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Pegoretti Frames(8 posts)

Pegoretti FramesLive Steam
Jun 10, 2001 9:48 PM
I want to build up a new bike this Summer. I was at a ride this weekend and saw a beautiful bike. A Pegoretti. I spoke with the owner, but he was very sketchy with his info. Maybe he wants to be the only guy with one. I understand Merckx raced on these frames, but I can't find any more info on them. Any input, including a good source ( meaning good pricing) would be appreciated. Does anyone outthere have one? I usually check the Product Review section first so I don't have to bother any of you with providing info you already have, but there is none available.
Gita BikeCar Magnet
Jun 11, 2001 5:51 AM
I can't verify about the Merckx thing but, go to
for more info on Pegoretti.
re: Pegoretti FramesCima Coppi
Jun 11, 2001 7:21 AM
Merckx did not race on Pegoretti frames, at least not during his professional career. He raced on frames built by Ugo DeRosa.

As far as the Pegoretti frames, they are very well crafted in the Italian tradition, but are not well known over in the States. If you want a unique frame, you probably won't go wrong with one of these. Make certain the frame geometry is suitable to your body dimensions before you lay down the cash for one of these.
Goemetry QuestionsLive Steam
Jun 11, 2001 7:42 AM
What is particularly different about the geometry of their frames? Are the set up for criterims, century racing, ? Also can you explain seat angle, top tube length and how they influence the type of ride a frame will offer?
Pegoretti uses fairly traditional geometry, which, I'm surebill
Jun 11, 2001 8:55 AM
would be modified for unusual body types, which I am not. Actually, the geometry is very similar to my current Litespeed Natchez (the seat tube is, I think, .5 degree steeper, with the chainstay 1 mm shorter, or something like that, on the Pegoretti). Geometry variables are mostly about fit, other than wheelbase, fork rake, and BB height, which could influence handling. Generally, the longer and lower the bike is, the more stable and comfy the ride (the more suited to longer rides), which are variables determined by some combination of seat tube angle, top tube length, and head tube angle. More fork rake will give quicker steering (like a chopped motorcycle, the wheel will turn correspondingly more with less turn of the handlebars). Crit bikes/racing bikes may have a higher BB's, because of the need for clearance on tight turns. With a higher center of gravity, though, they require more handling skills.
Goemetry QuestionsCima Coppi
Jun 11, 2001 9:11 AM
Gita's website has a geometry table for the frames. They are a bit layed back in the seat tube, making them more comfortable for the long road rides. Your concern should be fit, as the frames are built with traditional top tube measurements relative to the seat tube. If your body is not proportional to these measurements, the bike will be incomfortable to ride. Have you LBS do a thorough fit, preferably on a Serotta Size-Cycle, get the dimesions which will best suit you.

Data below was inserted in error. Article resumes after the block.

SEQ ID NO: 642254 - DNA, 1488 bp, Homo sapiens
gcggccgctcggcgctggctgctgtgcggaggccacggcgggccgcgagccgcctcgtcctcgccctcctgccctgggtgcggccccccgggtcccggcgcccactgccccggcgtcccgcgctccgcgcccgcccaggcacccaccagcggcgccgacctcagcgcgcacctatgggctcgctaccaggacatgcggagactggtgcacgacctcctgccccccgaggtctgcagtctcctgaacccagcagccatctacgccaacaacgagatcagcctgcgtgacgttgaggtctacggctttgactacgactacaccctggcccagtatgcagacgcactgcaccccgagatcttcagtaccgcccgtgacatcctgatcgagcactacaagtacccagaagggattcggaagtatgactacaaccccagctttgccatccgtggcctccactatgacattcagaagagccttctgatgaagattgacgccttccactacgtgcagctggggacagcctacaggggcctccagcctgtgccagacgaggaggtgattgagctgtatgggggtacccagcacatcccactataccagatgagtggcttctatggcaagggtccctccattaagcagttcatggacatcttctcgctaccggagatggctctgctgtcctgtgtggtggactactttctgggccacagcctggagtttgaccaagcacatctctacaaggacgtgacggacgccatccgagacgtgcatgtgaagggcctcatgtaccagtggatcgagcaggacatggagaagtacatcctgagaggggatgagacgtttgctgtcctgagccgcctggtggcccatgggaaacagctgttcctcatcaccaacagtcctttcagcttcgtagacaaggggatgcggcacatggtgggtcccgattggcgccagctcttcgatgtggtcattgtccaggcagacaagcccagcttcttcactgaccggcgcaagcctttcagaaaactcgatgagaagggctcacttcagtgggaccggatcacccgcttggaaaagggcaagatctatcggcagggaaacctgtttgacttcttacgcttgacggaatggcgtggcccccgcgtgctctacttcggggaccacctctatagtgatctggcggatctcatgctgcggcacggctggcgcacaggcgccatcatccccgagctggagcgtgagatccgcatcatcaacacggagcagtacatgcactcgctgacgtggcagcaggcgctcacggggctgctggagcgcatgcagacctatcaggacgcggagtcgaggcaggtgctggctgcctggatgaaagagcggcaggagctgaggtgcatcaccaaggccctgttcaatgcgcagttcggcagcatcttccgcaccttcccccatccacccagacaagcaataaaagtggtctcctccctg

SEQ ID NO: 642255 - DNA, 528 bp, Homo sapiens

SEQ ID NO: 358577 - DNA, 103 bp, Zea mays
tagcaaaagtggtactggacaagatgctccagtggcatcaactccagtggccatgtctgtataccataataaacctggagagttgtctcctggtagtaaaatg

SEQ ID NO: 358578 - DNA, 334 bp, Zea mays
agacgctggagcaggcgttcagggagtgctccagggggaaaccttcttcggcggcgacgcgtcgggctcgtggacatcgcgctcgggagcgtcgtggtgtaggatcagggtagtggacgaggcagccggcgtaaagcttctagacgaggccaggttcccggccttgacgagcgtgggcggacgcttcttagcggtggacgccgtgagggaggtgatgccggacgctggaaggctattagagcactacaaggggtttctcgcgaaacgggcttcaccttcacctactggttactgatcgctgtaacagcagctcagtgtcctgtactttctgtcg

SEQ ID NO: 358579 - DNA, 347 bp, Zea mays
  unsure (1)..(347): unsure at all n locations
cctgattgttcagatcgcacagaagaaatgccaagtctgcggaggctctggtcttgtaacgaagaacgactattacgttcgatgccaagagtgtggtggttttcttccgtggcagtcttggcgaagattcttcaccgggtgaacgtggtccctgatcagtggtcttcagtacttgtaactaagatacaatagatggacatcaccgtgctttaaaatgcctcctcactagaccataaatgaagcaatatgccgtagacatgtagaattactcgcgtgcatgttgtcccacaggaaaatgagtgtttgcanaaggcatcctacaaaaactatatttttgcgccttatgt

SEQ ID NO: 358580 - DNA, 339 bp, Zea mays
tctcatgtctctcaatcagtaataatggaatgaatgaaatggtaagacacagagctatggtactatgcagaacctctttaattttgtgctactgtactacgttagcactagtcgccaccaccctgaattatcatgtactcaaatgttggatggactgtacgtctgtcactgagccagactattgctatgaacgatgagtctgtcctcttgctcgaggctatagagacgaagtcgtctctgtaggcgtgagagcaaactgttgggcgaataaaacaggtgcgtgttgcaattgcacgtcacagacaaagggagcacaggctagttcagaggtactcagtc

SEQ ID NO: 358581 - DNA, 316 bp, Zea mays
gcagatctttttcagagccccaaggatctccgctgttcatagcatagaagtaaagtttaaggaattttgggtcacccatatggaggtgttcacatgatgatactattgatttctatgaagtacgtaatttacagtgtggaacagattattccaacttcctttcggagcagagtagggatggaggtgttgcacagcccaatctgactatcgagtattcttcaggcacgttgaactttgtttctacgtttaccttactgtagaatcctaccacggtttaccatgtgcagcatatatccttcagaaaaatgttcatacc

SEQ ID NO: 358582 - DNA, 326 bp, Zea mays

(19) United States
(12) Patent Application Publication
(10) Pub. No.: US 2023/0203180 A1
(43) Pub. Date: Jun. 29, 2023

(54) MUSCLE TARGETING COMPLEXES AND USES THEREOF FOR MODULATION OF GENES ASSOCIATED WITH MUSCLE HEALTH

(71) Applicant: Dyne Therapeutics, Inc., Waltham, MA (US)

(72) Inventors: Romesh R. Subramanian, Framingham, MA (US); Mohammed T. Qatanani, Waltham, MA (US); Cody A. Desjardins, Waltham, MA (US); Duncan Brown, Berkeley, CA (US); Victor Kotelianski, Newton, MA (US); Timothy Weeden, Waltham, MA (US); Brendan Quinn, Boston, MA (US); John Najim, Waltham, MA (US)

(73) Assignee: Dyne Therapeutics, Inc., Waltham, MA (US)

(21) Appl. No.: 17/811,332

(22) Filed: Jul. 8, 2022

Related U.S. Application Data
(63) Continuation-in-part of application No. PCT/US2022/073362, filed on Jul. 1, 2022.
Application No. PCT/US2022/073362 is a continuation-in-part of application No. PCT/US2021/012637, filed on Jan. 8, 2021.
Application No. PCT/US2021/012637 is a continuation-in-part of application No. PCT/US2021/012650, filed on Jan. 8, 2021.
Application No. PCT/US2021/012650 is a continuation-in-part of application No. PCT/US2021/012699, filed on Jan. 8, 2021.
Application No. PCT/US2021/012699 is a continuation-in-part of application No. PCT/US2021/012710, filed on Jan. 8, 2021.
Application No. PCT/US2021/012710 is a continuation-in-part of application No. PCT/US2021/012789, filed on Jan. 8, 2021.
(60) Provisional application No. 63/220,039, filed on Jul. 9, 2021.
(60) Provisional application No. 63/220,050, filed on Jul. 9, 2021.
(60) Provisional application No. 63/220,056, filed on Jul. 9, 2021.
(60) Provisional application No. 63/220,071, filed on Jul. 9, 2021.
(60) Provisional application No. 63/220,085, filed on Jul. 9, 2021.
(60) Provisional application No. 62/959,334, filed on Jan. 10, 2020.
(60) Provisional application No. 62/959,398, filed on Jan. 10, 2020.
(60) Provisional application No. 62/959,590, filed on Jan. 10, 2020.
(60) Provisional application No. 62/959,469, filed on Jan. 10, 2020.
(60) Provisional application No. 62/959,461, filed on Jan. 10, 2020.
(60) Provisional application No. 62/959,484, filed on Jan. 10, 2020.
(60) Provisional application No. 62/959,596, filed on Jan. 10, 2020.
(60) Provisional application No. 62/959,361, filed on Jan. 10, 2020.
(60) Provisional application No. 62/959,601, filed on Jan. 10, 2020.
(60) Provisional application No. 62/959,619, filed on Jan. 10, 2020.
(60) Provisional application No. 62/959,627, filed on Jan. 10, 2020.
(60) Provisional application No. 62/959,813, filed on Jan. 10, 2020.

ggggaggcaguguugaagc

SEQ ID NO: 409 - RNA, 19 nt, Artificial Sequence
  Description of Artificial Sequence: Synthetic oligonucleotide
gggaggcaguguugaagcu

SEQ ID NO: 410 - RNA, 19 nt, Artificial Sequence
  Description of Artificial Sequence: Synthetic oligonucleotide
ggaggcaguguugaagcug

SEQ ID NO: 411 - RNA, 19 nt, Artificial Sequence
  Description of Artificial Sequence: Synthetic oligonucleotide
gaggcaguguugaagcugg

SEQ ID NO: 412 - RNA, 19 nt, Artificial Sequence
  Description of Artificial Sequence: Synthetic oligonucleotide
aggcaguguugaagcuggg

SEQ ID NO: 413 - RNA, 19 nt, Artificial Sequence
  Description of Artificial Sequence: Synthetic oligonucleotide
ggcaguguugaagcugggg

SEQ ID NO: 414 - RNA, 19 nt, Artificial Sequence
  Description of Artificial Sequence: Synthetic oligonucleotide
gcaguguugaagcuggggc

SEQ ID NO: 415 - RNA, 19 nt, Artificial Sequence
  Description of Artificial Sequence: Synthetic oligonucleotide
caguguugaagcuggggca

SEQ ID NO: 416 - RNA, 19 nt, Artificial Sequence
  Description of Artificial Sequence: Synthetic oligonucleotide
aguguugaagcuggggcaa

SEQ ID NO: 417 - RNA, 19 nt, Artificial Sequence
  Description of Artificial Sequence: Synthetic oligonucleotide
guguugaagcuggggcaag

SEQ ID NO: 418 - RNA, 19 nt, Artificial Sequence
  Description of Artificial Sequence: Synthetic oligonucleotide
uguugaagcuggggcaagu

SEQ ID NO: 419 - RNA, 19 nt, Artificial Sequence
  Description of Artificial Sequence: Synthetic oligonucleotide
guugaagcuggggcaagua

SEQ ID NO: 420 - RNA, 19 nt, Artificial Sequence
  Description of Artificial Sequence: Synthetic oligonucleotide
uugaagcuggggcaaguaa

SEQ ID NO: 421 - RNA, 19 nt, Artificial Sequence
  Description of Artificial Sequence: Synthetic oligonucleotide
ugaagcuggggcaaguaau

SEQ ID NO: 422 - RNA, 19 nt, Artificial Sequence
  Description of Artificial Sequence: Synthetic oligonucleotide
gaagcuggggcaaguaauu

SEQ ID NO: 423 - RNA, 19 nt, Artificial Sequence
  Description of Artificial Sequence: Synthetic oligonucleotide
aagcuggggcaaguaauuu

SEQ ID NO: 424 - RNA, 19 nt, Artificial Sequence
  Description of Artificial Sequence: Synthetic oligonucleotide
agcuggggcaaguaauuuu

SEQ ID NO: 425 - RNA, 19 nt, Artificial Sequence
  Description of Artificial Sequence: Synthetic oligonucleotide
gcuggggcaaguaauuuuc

re: Pegoretti Framesmmaggi
Jun 11, 2001 7:47 AM
Contact Gita sports. Be prepared to pay though. IF you're planning a trip to Europe soon, wait until then as you could probably get it for 30%-40% less over there.

Pegoretti's a small outfit and are true artisans. They are the last of the true artisans along with Gianni Casati and Alberto Masi. They might put out 2,000 frames a year, if that much. Much attention goes to detail. Someone in my bike club told me that Pegoretti himself stopped a frame at the exit door himself because he didn't like the paint job.

I know that Merckx rode Masis, Derosas and Colnagos. Not sure about Pegoretti but that wouldn't surprise me.
I've got one on order through Tiramisu Imports, UK.bill
Jun 11, 2001 8:34 AM
I can't much comment on anything yet, because all that's happened is that they've taken my measurements and 50% of the frame/fork price. Ordered in mid-March; supposedly the frame goes to get painted this week.
With the exchange rate, it's actually quite doable, compared to other framesets. No extra charge for custom. Matthew at Tiramisu has been very patient and responsive with my questions, etc. The link is, although, I must say, their site seems to be constantly "under construction" and is kind of difficult to navigate. I've done everything by e-mail.
Tiramisu has a worksheet for measurements, but I'm a little concerned, because they don't seem to ask as much information as some others do. I offered more information, including how I like to ride, what I like/don't like about my current bike, the measurements of my current bike, etc., which Matthew took but didn't seem that interested in acquiring. I think that they take the attitude that no one REALLY gets better than close, given the variables of seatpost length, stem length, saddle position, etc., unless you want to start messing with angles, which I didn't, so, it'll work don't worry. Because it's taking so long, I trust that I actually am getting a custom rather than their just taking three months to find one in the back.
I'll let you know how it works out. I should know more in a couple of weeks.
I've heard that name pros have used them painted up (not Merckxx), but they are sort of happy to let you believe that without giving many specifics. I have talked to a guy at Bicycling Magazine who has ridden them and is buying one (Bicycling reviewed one in May of 2000 and has included Pegoretti in its annual guide), and he says its just the nicest steel bike he's ever ridden.